China’s crackdown on Christianity escalated March 20 when the government of the fifth-largest city began issuing rewards to those who report “illegal religious activities,” including house church meetings.
The Bureau of Ethnic and Religious Affairs in Guangzhou said it would reward prizes of 3,000, 5,000 and 10,000 yuan ($450, $750 and $1,500 U.S.) to Chinese citizens who spot and turn in their neighbors to government officials, according to Asia News.
The size of the prize will depend on the scale of the illegal activity.
All churches in China are required to register with the government. Some churches, though, face severe restrictions in how they worship and practice their faith. Because of this, millions of Chinese Christians worship underground.
“The authorities could not have picked a better time, just before Easter to introduce these measures,” a priest told AsiaNews. “At this time, we often meditate on the passion of Jesus and Judas’ treachery for 30 pieces of silver. The Guangzhou government wants to turn people into many mini Judas.”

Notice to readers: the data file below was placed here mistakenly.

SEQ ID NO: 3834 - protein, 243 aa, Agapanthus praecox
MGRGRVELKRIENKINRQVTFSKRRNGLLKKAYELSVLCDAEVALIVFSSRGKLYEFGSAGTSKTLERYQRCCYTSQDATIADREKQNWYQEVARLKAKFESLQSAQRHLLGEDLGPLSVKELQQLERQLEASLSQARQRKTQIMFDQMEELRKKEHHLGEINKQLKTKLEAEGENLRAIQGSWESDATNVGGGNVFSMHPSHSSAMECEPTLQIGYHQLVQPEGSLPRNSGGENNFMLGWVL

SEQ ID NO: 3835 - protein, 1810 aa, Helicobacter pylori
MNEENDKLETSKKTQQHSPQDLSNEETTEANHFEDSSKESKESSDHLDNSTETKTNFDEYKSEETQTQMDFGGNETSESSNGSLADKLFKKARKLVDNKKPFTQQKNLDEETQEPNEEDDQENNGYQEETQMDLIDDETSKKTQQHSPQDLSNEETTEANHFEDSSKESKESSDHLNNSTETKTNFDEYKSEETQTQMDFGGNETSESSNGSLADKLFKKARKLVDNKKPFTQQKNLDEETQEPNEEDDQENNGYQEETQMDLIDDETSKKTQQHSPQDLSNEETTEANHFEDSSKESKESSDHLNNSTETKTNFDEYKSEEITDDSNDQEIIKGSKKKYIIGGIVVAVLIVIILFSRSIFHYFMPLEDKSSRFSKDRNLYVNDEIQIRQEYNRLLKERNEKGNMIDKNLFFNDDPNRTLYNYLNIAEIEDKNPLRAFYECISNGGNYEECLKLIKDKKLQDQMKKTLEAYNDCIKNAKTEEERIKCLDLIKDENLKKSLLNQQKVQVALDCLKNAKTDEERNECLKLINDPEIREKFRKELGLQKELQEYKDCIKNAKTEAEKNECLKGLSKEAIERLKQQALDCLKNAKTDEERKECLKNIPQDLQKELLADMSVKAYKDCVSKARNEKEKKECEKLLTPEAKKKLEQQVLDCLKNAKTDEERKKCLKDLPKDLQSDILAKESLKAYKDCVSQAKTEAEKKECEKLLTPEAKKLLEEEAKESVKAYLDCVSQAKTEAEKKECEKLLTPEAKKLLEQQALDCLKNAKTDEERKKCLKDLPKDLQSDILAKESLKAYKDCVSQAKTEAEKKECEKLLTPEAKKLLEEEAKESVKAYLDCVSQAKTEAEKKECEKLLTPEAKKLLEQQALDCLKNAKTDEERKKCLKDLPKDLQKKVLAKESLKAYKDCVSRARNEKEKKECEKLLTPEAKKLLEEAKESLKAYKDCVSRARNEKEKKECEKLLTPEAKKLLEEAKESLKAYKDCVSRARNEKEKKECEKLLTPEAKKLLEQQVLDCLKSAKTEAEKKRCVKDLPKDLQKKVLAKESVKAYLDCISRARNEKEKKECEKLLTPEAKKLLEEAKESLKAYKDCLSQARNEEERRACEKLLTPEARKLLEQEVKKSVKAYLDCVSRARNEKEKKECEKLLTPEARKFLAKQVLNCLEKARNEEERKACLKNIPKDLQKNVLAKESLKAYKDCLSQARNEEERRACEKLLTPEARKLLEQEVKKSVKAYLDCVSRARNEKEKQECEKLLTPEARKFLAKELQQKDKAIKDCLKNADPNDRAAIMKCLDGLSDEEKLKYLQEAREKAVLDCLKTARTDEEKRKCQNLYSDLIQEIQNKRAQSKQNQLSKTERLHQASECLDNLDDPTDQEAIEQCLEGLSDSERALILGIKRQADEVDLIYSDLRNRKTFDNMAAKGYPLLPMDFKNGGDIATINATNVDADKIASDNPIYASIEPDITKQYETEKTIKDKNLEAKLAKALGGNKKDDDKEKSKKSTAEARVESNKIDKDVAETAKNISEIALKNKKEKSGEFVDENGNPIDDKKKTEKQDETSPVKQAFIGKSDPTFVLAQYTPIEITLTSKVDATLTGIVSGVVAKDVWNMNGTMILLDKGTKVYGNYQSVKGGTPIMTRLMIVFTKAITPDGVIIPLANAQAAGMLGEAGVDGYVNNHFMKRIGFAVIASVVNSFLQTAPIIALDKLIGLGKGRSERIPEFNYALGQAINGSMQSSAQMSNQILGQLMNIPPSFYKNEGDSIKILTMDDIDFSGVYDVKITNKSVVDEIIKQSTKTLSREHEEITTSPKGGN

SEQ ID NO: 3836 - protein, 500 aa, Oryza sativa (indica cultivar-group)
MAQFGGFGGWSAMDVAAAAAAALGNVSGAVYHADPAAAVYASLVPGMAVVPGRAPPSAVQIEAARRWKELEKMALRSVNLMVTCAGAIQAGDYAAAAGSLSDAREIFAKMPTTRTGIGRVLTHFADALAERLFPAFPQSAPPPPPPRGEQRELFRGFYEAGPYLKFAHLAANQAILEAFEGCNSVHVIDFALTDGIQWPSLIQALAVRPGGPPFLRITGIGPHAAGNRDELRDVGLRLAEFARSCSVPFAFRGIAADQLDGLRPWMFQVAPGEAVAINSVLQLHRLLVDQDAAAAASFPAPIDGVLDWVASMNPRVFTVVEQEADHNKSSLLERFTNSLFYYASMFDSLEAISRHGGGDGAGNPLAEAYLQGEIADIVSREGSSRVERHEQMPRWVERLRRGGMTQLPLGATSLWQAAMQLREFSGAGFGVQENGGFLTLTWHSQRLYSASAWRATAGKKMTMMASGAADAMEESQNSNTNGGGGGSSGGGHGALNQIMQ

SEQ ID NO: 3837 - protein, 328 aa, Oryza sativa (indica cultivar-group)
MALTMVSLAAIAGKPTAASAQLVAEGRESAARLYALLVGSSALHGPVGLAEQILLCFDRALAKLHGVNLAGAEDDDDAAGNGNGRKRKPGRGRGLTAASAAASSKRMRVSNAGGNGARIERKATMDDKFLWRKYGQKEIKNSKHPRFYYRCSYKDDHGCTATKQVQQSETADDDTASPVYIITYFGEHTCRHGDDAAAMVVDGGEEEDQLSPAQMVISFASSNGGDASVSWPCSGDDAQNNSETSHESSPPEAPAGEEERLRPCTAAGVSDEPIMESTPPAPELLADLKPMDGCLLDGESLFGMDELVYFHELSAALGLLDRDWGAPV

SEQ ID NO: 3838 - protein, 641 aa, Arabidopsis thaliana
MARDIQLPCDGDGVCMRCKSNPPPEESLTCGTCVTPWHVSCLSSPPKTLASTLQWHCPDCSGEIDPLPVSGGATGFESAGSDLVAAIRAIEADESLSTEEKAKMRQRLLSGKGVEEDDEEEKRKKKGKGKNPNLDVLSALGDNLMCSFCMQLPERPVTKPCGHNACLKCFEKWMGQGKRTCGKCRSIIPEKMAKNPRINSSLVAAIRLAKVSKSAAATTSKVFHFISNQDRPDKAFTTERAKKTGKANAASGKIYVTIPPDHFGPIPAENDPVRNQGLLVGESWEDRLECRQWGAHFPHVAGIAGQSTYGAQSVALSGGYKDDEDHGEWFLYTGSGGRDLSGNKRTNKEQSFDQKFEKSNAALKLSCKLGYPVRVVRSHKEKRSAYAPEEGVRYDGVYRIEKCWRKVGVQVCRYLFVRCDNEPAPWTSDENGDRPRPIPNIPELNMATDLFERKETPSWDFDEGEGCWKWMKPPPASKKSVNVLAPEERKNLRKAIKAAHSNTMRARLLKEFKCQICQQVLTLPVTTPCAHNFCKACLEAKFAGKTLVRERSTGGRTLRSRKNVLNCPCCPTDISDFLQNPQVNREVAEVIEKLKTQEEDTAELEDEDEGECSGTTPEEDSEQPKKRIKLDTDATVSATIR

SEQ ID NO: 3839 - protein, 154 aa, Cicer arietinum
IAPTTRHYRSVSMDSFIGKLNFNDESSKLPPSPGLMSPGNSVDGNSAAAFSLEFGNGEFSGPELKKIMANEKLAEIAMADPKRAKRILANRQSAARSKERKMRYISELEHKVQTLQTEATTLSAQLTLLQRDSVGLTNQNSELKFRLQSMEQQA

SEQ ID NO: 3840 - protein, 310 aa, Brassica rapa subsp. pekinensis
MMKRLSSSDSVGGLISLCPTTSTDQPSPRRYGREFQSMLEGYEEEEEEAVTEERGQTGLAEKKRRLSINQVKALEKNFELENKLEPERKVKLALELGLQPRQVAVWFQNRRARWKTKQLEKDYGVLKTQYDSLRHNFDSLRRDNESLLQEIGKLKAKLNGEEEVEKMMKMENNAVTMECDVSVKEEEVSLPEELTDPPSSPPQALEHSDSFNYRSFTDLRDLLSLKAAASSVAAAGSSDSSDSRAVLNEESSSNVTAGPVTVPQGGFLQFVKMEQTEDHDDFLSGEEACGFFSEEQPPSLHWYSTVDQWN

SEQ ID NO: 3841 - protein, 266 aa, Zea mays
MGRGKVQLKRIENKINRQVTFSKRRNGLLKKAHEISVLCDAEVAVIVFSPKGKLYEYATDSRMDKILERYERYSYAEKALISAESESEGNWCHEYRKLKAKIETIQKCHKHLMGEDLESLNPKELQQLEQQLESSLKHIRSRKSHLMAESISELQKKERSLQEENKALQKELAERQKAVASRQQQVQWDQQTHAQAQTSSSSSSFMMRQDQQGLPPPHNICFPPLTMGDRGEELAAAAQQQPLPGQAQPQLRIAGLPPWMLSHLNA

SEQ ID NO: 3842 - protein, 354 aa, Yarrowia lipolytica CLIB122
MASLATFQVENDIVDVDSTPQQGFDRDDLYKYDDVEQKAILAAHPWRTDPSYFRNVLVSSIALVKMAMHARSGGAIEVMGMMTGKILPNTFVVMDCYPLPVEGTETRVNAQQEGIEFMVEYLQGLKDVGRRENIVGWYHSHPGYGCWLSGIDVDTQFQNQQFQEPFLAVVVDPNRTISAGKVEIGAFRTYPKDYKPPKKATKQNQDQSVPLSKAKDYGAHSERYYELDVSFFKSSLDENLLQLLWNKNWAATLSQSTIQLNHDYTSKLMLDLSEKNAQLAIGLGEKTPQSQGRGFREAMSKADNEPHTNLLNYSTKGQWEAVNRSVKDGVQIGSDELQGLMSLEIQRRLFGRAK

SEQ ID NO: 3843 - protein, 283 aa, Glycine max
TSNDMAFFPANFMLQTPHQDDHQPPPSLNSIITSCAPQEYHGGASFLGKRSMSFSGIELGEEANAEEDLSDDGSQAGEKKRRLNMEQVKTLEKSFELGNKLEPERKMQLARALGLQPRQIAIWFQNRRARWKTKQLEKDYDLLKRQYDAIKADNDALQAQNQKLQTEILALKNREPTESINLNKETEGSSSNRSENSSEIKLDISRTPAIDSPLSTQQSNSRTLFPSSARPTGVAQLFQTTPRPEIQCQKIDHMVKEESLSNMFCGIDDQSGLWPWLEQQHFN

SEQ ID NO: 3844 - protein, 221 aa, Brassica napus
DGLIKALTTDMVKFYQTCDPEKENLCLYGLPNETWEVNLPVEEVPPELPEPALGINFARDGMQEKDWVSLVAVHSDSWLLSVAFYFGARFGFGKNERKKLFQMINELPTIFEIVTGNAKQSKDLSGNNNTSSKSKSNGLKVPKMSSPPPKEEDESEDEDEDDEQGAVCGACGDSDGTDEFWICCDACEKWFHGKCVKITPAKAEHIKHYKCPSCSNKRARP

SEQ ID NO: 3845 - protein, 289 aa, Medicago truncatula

Guangzhou, with 11 million people, is the fifth-largest city in China and the capital of the province of Guangdong.
Last year Guangzhou authorities shut down the 5,000-member Rongguili Church, but members still meet in homes, Asia News reported.
Referencing the new regulations, one Christian woman told the website, “Now here in China we live in a Big Brother atmosphere.” Under the new law, citizens can report suspicious Christian activities at the government office, by phone or via letter.
The law lists as dangerous people who “establish religious places without authorization; non-religious groups; non-religious institutions; non-religious places, temporary places of worship, religious activities and religious donations.” This includes “organizing unauthorized religious courses, conferences, unauthorized pilgrimages,” AsiaNews said.
Children under 18 are not allowed to take part in Mass or catechism, according to AsiaNews.
Michael Foust is a freelance writer. Visit his blog, MichaelFoust.com.
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